Barnhart is positioning herself as a viable alternative to Morelle, since she has name recognition from her years on local television and her two previous, unsuccessful runs for office. Her platform hits a lot of progressive points, but in particular she's emphasizing redistricting and campaign finance reform.
Wilt's campaign is rooted in almost 15 years of activism on single-payer health care, social justice issues, immigration reform, and public education. Her work on those issues has earned her allies and the endorsement ROCitizen and New York Progressive Action Network, both of which grew from groups supporting Bernie Sanders' presidential bid.
And McFadden is running on his experience as a City Council member and as executive director of Quad A for Kids, an organization that runs after-school programs. He's also emphasizing community work, his reputation as a voice for populations who are "constantly being ignored or used," as he phrases it, and his work at the national level with the National Black Caucus of Local Elected Officials.
This will be a tough race for Democrats, who expected to have Slaughter on the ballot. Now, Democrats in the 25th Congressional District will have a chance to put someone new in the office. And voters will have several things to consider as they head to the polls.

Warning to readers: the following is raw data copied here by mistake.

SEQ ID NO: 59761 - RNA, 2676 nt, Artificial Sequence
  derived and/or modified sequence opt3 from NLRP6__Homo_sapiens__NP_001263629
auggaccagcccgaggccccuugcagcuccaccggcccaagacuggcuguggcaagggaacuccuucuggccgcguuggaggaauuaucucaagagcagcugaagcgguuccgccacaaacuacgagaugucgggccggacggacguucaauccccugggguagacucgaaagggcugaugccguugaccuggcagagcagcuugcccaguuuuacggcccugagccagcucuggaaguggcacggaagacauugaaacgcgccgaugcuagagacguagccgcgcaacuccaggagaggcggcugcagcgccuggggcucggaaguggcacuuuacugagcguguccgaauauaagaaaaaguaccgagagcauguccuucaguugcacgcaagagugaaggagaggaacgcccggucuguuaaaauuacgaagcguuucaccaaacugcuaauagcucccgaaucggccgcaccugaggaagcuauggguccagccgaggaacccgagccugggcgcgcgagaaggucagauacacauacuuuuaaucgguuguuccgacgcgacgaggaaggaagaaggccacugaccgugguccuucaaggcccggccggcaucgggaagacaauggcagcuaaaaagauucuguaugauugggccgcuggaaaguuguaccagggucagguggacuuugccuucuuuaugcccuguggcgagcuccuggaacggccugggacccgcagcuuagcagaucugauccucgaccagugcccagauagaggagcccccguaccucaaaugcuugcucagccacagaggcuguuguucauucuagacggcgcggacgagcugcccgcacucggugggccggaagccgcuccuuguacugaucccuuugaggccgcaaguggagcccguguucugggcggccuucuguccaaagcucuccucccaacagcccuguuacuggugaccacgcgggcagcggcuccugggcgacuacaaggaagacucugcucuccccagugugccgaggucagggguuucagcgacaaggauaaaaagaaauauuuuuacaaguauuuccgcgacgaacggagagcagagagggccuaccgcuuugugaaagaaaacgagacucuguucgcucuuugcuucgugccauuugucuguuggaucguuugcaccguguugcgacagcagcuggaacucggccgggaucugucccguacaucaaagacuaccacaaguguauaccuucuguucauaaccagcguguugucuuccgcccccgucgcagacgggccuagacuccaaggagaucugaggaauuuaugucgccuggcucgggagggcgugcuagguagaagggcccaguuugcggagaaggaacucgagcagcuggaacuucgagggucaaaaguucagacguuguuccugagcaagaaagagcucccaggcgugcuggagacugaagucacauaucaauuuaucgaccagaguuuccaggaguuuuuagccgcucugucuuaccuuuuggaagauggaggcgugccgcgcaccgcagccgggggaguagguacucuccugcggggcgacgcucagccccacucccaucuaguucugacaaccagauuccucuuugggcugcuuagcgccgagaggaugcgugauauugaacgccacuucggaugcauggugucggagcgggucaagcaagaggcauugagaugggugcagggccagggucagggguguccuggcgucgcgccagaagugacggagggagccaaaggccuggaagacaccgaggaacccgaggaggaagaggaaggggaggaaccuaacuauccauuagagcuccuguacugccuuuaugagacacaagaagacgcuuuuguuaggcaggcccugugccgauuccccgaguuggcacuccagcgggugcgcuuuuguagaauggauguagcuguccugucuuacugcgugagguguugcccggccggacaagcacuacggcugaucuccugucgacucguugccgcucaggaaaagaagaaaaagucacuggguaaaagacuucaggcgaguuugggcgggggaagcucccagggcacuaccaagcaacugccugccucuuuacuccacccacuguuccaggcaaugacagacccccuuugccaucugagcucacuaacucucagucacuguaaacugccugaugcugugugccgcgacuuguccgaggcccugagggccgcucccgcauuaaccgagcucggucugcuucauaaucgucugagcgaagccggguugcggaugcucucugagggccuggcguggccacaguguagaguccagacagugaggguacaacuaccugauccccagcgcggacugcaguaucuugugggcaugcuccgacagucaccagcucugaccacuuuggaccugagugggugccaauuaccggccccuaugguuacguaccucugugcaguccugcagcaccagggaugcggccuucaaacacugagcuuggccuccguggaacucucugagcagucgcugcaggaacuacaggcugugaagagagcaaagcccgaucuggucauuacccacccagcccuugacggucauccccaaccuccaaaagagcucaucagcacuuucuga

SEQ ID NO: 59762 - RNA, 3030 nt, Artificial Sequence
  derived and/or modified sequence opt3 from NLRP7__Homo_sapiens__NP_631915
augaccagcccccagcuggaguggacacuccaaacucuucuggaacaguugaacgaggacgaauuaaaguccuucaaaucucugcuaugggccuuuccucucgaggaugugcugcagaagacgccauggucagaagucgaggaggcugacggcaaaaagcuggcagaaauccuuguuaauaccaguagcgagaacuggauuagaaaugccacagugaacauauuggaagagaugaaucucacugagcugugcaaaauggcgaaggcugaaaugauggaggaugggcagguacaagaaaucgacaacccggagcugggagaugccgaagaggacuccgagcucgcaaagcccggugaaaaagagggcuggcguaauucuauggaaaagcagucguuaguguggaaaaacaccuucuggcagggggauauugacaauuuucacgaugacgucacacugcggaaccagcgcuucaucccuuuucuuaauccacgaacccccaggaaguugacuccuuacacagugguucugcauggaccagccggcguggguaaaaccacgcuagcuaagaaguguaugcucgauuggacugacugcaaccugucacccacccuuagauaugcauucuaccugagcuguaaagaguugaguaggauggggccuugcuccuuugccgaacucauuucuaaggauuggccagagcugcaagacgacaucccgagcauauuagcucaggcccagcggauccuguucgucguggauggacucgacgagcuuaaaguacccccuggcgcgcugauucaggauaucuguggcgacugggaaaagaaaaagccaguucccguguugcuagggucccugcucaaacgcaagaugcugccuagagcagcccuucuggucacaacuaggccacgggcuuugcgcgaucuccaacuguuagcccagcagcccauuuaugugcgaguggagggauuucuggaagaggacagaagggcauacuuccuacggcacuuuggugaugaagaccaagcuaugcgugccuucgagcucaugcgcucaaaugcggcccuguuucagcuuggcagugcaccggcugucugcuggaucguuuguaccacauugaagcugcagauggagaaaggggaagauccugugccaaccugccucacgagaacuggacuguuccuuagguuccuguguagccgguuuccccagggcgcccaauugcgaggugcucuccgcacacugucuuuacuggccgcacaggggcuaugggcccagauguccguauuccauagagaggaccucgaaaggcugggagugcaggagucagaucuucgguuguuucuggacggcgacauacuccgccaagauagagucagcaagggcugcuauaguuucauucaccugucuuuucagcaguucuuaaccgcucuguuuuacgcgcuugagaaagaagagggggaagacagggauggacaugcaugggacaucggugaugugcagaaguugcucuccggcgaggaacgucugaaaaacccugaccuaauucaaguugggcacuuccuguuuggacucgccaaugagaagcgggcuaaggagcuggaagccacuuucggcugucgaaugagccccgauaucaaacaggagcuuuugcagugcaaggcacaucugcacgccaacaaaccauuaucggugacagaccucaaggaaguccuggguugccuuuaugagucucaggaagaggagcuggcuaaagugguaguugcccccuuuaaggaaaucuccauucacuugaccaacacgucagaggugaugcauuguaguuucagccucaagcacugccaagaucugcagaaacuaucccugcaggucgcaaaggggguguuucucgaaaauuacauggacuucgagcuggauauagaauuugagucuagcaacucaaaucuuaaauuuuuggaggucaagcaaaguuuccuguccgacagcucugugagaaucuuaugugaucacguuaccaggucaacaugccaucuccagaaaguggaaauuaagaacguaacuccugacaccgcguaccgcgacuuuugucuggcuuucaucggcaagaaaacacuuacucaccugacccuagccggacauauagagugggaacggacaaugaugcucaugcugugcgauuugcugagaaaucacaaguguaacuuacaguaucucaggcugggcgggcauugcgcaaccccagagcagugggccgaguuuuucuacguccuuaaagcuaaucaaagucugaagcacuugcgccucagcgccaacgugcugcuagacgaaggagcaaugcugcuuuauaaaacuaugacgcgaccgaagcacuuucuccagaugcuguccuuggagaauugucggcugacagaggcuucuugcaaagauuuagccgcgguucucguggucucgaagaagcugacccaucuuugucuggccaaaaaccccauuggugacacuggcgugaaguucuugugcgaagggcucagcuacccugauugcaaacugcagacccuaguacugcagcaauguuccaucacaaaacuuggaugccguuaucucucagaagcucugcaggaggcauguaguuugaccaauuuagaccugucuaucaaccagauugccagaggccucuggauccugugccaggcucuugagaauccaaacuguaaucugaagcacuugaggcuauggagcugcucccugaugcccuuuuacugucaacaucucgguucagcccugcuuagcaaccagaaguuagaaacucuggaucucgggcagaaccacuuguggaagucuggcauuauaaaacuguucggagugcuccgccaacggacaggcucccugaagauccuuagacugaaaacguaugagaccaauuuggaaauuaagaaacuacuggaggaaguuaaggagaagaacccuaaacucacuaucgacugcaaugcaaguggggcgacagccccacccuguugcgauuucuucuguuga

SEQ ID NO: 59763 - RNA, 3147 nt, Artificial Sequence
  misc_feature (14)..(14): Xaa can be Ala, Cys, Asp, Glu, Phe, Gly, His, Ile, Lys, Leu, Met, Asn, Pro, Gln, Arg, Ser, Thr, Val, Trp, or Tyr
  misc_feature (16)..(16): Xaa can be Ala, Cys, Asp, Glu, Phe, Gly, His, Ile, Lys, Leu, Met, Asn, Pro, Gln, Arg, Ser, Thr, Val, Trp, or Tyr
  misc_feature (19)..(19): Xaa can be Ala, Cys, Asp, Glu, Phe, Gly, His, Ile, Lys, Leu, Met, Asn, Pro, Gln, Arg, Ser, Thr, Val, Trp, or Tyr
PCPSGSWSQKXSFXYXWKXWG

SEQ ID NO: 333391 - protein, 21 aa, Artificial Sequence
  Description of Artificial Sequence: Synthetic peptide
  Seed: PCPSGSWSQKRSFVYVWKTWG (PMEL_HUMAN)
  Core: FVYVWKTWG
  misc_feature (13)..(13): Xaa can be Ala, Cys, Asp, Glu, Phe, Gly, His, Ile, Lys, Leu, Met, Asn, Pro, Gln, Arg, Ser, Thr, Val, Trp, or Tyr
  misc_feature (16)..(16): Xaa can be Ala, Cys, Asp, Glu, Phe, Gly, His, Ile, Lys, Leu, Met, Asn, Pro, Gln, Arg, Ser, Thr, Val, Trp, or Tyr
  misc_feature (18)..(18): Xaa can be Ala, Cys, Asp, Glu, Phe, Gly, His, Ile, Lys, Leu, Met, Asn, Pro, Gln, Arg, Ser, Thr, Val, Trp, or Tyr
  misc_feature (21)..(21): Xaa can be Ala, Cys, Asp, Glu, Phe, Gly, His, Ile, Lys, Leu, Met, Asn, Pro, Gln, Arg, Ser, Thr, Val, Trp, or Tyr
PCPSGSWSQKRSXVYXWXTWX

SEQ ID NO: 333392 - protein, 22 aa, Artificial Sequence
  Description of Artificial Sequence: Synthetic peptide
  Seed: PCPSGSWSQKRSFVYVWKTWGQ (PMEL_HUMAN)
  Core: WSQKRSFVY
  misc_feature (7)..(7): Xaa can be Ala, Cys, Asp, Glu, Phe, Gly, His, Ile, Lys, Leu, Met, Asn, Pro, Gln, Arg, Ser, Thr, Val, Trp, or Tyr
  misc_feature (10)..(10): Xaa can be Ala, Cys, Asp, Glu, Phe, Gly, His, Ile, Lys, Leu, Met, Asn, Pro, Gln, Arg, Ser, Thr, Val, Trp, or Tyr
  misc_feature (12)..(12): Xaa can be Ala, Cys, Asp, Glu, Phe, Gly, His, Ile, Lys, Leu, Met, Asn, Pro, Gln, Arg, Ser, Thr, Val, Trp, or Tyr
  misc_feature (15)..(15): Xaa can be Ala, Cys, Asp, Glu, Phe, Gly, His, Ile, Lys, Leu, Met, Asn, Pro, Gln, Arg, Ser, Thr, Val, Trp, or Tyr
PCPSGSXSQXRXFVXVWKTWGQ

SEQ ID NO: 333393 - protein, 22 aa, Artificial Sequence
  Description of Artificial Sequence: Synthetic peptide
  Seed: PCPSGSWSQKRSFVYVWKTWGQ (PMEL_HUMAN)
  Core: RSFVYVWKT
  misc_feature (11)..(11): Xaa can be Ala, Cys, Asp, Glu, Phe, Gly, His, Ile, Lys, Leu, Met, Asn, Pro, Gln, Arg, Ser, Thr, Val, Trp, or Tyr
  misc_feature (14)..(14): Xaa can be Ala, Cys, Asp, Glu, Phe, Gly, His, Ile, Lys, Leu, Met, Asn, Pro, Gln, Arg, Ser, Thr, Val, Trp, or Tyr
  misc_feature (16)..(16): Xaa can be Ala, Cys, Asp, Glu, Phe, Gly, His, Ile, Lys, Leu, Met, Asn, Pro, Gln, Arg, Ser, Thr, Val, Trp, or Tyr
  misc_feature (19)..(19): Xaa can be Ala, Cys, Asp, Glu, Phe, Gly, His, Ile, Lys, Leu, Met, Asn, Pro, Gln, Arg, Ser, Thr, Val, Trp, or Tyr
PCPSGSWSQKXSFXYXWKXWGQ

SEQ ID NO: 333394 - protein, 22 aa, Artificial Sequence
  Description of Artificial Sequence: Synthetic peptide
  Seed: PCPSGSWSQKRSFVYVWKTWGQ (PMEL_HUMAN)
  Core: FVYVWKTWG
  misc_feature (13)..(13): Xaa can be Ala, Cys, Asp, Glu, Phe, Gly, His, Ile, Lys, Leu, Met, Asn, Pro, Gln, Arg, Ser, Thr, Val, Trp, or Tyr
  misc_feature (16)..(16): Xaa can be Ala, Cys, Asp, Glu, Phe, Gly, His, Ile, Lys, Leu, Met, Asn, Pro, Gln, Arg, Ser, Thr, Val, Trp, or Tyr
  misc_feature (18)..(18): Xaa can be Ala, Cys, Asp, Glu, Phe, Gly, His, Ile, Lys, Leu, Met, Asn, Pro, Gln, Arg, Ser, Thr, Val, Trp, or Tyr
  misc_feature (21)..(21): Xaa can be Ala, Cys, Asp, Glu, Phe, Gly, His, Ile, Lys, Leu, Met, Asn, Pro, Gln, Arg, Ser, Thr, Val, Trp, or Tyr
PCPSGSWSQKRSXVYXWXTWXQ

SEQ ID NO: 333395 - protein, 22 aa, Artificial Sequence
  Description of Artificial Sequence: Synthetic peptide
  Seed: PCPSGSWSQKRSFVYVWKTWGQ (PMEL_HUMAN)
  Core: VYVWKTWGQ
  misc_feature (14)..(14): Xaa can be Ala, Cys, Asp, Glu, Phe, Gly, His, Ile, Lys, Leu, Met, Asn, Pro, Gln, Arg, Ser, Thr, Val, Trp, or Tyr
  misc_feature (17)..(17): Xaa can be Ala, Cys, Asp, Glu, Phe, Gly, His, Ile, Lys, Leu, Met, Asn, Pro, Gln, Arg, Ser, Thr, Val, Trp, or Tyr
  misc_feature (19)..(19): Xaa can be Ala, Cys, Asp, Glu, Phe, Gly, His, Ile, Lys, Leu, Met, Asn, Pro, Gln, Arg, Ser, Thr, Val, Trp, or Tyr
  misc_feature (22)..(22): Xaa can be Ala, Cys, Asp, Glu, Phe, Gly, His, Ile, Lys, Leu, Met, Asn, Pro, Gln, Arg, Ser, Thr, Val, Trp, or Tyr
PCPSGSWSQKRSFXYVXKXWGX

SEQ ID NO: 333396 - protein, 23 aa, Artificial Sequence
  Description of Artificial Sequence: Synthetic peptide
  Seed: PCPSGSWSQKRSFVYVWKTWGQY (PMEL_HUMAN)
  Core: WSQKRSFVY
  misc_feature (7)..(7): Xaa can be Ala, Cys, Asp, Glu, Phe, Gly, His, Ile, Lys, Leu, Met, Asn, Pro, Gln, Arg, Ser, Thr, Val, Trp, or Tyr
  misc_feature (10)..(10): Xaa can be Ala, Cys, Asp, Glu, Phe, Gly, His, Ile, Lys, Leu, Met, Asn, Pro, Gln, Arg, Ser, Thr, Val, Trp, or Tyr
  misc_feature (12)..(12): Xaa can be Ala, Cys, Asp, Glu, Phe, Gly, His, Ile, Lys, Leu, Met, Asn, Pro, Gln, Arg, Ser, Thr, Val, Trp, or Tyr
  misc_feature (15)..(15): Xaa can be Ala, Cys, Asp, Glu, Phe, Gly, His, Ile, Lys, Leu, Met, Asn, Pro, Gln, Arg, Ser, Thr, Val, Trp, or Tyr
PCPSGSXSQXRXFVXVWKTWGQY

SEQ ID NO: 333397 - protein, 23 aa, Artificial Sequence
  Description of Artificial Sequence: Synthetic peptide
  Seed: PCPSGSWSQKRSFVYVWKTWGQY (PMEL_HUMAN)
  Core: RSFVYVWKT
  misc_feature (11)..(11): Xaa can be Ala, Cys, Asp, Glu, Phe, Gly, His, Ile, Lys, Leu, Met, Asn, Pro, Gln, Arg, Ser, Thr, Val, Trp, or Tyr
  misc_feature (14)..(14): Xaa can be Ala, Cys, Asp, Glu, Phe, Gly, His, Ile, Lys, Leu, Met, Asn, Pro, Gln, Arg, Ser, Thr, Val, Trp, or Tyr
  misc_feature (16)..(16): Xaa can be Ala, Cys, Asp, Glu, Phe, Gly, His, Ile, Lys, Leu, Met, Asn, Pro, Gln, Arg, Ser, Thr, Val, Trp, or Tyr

Obviously, Democrats want to keep the seat, and while some high-profile national analysts say the 25th District is a safe Democratic seat, that's not the reality.
Gates Supervisor Mark Assini, a Republican, came incredibly close to unseating Slaughter in 2014. And this year, Republicans are running Jim Maxwell, an East Rochester neurosurgeon who is putting a lot of his own money into his campaign. That money, combined with Maxwell's political outsider status and personable nature, could make him a strong candidate.
To hold the seat, Democrats will have to weigh each candidate's general election appeal. And at the same time, they'll be making a statement about what the local party is. Primary voters have to think about which candidate's values match theirs, what they want to see in a representative, and how each candidate's experience and approach will translate in a sharply partisan and divided House. Republicans control the chamber now, and Democrats may not regain the majority in this election.